In this contemplative Psalm the Korahites sang of their longing for God and his dwelling.
They long for the presence of God in the Temple. Perhaps written during captiviy or by David when he was banished by Saul’s tyranny or Absolom’s rebellion. Certainly it is from Trans-Jordan (Verse 6).
Notice that the longing is as that of the deer for the ‘water brooks’ and it is significant that a few verses later he refers the noise or roar of ‘your’ TSINNOR.
This word is used only twice in the Old Testament. The other occcasion is in 2 Samuel 5:8 where David challenges his men about forcing entry to the Jebusite stronghold. He says “Whoever climbs up by way of the TSINNOR (translated as ‘water shaft’ or similar) and defeats the Jebusites (the lame and the blind, who are hated by David’s soul), he shall be chief and captain.”
I believe this is the self-same TSINNOR referred to in the Psalm.
As one who has visited the site it is true today that, as many tourists attest, you can still hear the water from Gihon rushing along through the tunnel of Hezekiah.
Noted Serbian photographer Zoran Strajin who specialises in panoramic photographs has photographed Hezekiah’s Tunnel and described Gihon (in its much diminished state today), this way…
‘The only spring in Jerusalem, the Gihon is a siphonic, karstic spring, and its name means “gushing”; it surges and the sound can be easily heard. It is estimated that the Gihon could have supported a population of about 2,500. The cave is a natural one, but it has been widened. Solomon was anointed at the Gihon Spring while his brother, Adonijah, was attempting to take the throne through a surreptitious coronation at En Rogel.’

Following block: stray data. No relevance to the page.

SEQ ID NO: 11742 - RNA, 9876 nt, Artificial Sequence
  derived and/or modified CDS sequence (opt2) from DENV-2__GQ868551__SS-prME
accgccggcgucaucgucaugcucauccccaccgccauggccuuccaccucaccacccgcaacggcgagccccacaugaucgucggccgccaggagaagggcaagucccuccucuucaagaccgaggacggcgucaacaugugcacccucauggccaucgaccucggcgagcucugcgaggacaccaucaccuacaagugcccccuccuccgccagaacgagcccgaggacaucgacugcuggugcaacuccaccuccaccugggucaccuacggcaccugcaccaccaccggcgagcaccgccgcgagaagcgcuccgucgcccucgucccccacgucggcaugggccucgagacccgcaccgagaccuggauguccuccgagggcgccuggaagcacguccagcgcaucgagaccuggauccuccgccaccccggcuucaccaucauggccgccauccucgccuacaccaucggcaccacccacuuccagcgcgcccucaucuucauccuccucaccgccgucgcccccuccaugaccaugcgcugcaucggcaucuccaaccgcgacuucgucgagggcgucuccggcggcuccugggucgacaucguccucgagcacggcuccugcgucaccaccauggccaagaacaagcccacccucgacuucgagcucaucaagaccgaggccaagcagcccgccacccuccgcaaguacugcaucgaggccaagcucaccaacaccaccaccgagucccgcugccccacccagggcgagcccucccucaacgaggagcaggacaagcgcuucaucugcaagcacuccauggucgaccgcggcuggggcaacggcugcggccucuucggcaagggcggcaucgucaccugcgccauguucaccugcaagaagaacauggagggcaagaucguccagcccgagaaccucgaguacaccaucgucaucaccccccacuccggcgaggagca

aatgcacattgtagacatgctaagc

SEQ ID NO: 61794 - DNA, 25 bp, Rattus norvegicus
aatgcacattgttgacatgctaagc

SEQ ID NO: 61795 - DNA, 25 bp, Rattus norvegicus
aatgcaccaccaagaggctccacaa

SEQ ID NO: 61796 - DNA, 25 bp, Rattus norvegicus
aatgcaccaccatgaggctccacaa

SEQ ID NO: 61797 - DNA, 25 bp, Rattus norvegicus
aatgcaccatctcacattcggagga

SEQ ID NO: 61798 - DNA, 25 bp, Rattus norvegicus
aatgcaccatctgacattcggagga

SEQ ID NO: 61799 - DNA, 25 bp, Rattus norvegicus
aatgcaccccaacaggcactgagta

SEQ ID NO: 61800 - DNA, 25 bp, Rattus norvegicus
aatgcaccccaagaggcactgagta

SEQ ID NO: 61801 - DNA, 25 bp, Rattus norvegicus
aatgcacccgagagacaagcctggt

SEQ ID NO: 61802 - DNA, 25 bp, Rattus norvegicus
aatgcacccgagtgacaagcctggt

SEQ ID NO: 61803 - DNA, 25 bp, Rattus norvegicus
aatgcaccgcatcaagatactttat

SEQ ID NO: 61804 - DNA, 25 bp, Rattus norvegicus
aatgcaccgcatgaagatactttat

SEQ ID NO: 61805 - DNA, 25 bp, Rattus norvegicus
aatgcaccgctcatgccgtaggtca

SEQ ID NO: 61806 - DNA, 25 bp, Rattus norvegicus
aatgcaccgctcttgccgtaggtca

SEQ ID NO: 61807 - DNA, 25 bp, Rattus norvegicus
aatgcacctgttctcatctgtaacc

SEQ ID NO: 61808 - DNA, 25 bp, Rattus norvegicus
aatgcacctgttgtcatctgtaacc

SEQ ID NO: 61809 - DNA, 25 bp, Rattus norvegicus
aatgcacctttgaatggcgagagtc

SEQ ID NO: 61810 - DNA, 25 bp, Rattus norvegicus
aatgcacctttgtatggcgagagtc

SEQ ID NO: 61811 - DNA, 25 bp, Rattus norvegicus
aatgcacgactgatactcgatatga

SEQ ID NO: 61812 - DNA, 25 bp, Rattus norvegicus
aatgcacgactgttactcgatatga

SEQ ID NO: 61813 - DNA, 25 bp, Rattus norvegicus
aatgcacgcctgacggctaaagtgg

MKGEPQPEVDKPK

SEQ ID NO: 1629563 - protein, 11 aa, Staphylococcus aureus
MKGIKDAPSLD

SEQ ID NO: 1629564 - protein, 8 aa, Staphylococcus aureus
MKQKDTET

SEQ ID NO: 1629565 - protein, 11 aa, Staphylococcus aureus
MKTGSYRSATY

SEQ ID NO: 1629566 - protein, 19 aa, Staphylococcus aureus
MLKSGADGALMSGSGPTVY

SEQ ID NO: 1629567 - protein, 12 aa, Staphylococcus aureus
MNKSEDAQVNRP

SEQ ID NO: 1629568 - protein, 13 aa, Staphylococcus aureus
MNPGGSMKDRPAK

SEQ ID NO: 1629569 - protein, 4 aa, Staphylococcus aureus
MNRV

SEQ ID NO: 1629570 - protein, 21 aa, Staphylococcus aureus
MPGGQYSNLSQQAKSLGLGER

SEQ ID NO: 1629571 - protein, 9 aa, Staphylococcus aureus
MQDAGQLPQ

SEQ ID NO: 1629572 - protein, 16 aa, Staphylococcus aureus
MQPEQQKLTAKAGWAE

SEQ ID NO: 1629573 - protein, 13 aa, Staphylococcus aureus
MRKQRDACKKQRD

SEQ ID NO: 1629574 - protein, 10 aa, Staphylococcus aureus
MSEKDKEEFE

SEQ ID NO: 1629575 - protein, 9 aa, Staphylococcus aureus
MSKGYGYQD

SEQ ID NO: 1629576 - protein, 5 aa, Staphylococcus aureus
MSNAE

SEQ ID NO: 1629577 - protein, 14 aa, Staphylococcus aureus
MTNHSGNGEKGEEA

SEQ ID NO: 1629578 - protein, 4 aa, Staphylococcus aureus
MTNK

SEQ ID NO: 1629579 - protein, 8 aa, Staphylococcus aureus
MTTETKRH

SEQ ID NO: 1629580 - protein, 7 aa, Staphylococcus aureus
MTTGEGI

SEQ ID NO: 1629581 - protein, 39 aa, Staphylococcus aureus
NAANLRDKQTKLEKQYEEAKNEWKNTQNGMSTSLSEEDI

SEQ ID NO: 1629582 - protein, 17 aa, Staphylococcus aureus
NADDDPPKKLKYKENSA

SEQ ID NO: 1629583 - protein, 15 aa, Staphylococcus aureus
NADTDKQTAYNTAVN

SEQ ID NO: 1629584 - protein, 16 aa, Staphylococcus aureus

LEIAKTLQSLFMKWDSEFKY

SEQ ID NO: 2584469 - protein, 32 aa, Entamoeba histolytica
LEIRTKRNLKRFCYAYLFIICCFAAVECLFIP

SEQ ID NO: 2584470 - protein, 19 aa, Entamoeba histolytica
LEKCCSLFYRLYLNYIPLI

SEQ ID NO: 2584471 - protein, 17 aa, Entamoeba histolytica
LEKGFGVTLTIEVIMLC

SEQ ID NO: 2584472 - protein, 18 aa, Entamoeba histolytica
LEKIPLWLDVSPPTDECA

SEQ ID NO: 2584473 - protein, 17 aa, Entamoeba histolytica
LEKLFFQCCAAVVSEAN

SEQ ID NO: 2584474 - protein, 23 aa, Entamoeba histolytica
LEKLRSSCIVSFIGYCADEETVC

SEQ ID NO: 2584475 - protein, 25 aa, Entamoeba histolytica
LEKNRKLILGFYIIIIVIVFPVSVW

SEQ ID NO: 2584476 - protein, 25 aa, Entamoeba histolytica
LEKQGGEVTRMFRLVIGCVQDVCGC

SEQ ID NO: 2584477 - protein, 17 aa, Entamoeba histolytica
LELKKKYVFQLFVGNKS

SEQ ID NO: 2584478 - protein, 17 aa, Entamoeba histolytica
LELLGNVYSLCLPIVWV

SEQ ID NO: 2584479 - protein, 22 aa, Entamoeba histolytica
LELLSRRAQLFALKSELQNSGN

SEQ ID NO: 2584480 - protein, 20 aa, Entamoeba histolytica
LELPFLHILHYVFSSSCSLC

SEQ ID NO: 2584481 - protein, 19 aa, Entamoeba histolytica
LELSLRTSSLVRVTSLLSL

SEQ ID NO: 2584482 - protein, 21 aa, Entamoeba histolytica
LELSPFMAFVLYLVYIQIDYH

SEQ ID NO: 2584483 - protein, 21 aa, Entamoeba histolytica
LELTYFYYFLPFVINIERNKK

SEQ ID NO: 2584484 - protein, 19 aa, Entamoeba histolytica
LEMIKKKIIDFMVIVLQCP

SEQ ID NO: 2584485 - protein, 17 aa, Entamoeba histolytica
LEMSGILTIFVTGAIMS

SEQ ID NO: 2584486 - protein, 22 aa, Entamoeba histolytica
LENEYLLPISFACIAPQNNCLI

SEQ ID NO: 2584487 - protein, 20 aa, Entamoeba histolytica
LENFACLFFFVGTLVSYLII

From deep underground the Gihon water came gushing and bubbling up and its roar could be heard from some distance. To the Psalmist that sound is associated with worship at the shrine that David had put at Gihon to house the Ark and the sacred objects. That sound calls to his own deep place, his heart which longs to be there again!
Read about the origin of this site in 'THE PLACE HaMakom: where Jerusalem's temples stood'
Details of availability HERE